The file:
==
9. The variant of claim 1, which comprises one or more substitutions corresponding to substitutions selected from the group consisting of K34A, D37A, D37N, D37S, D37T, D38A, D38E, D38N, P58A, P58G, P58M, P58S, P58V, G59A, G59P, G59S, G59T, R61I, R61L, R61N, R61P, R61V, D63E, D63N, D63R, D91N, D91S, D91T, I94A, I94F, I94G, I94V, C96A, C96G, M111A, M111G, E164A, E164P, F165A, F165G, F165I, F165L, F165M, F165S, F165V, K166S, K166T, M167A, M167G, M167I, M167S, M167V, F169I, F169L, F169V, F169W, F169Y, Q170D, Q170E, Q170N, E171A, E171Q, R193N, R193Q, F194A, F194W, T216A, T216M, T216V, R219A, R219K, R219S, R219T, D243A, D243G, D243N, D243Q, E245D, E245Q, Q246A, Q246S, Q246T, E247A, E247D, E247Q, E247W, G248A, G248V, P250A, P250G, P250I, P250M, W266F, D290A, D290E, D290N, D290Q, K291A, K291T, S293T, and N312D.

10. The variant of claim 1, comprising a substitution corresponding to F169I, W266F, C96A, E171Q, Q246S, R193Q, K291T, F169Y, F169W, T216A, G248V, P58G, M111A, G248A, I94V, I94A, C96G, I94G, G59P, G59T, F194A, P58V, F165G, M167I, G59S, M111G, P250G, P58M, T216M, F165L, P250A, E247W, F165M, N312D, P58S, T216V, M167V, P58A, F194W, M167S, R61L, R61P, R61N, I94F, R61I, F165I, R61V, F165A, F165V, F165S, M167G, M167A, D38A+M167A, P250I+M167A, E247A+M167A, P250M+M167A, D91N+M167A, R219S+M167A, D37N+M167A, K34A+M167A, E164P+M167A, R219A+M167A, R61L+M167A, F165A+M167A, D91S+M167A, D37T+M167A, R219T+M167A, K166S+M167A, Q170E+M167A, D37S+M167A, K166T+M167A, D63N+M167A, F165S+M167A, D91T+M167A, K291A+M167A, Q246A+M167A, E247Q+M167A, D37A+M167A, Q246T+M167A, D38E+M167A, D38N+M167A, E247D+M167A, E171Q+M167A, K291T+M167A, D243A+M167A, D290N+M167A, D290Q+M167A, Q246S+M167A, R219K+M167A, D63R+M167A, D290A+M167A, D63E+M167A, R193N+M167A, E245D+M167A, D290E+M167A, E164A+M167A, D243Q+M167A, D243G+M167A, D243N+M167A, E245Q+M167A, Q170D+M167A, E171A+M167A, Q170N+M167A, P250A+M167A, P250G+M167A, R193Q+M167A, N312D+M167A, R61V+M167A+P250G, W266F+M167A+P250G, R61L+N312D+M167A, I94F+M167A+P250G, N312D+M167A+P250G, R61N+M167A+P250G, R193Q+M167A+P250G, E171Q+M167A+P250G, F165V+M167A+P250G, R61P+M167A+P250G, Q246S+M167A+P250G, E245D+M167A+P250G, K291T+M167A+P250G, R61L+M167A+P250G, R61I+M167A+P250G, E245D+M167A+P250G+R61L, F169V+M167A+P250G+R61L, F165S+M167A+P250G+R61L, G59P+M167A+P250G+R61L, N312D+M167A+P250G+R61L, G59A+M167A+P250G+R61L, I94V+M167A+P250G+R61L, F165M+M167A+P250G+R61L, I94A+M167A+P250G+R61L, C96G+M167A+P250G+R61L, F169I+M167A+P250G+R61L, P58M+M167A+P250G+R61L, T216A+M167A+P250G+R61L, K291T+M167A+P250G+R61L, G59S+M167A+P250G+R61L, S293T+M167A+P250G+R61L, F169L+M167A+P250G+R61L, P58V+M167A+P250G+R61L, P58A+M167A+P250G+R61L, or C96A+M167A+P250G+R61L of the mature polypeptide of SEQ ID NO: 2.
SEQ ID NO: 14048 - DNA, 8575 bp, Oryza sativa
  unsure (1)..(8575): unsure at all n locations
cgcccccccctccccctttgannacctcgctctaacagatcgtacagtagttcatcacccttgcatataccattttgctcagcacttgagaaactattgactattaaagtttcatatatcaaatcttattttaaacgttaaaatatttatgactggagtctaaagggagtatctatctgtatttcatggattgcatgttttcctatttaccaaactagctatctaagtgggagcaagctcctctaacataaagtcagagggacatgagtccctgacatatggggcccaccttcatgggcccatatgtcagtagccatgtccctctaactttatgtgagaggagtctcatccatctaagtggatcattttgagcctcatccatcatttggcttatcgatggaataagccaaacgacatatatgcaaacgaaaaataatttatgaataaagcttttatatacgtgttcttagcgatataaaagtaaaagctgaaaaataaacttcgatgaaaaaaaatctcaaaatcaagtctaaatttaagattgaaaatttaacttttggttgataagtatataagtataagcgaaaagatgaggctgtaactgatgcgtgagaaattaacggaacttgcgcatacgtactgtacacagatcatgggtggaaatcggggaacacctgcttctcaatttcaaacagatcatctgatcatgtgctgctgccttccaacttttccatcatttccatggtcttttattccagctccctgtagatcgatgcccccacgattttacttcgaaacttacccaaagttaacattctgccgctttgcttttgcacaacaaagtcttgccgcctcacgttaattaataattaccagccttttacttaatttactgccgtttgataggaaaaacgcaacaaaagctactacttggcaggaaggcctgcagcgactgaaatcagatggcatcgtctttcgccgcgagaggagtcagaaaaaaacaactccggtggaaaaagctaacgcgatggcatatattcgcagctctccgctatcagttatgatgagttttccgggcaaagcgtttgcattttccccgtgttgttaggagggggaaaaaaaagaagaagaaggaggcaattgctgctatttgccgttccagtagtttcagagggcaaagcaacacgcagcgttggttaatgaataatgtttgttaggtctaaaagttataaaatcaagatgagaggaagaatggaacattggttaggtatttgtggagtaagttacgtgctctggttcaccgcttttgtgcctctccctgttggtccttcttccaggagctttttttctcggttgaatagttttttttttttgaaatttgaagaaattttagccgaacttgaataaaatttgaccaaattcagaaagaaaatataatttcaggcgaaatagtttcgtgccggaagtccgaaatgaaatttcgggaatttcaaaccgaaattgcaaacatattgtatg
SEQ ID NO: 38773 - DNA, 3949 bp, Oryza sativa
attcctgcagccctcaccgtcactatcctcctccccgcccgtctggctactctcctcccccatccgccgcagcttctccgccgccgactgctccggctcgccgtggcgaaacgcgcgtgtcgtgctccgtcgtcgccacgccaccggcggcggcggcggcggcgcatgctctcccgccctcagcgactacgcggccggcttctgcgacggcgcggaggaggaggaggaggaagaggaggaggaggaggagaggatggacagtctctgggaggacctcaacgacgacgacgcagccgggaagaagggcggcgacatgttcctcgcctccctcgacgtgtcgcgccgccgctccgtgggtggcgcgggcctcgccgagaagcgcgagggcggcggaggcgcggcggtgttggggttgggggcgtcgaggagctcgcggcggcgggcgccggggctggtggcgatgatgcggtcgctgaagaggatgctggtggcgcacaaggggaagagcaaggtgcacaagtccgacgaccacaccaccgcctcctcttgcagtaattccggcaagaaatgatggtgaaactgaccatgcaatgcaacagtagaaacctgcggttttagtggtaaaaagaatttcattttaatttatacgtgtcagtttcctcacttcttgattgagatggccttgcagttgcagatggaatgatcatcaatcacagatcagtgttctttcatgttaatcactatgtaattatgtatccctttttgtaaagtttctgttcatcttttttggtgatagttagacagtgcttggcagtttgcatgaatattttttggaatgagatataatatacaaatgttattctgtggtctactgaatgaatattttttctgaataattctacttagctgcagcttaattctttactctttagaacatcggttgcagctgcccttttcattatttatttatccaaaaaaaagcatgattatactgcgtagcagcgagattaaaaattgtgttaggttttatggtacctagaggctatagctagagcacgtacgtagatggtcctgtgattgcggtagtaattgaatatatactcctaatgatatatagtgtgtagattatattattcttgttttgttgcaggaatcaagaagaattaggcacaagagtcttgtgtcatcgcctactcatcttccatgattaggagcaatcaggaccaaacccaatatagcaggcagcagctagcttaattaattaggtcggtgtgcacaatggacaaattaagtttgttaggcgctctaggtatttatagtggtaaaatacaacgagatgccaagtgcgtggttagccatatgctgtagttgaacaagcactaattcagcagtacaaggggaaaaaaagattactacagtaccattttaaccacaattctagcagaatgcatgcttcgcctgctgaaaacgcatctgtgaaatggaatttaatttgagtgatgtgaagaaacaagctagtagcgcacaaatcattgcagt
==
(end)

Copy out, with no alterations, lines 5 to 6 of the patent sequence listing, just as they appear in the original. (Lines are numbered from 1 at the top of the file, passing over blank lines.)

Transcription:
cgcccccccctccccctttgannacctcgctctaacagatcgtacagtagttcatcacccttgcatataccattttgctcagcacttgagaaactattgactattaaagtttcatatatcaaatcttattttaaacgttaaaatatttatgactggagtctaaagggagtatctatctgtatttcatggattgcatgttttcctatttaccaaactagctatctaagtgggagcaagctcctctaacataaagtcagagggacatgagtccctgacatatggggcccaccttcatgggcccatatgtcagtagccatgtccctctaactttatgtgagaggagtctcatccatctaagtggatcattttgagcctcatccatcatttggcttatcgatggaataagccaaacgacatatatgcaaacgaaaaataatttatgaataaagcttttatatacgtgttcttagcgatataaaagtaaaagctgaaaaataaacttcgatgaaaaaaaatctcaaaatcaagtctaaatttaagattgaaaatttaacttttggttgataagtatataagtataagcgaaaagatgaggctgtaactgatgcgtgagaaattaacggaacttgcgcatacgtactgtacacagatcatgggtggaaatcggggaacacctgcttctcaatttcaaacagatcatctgatcatgtgctgctgccttccaacttttccatcatttccatggtcttttattccagctccctgtagatcgatgcccccacgattttacttcgaaacttacccaaagttaacattctgccgctttgcttttgcacaacaaagtcttgccgcctcacgttaattaataattaccagccttttacttaatttactgccgtttgataggaaaaacgcaacaaaagctactacttggcaggaaggcctgcagcgactgaaatcagatggcatcgtctttcgccgcgagaggagtcagaaaaaaacaactccggtggaaaaagctaacgcgatggcatatattcgcagctctccgctatcagttatgatgagttttccgggcaaagcgtttgcattttccccgtgttgttaggagggggaaaaaaaagaagaagaaggaggcaattgctgctatttgccgttccagtagtttcagagggcaaagcaacacgcagcgttggttaatgaataatgtttgttaggtctaaaagttataaaatcaagatgagaggaagaatggaacattggttaggtatttgtggagtaagttacgtgctctggttcaccgcttttgtgcctctccctgttggtccttcttccaggagctttttttctcggttgaatagttttttttttttgaaatttgaagaaattttagccgaacttgaataaaatttgaccaaattcagaaagaaaatataatttcaggcgaaatagtttcgtgccggaagtccgaaatgaaatttcgggaatttcaaaccgaaattgcaaacatattgtatg
SEQ ID NO: 38773 - DNA, 3949 bp, Oryza sativa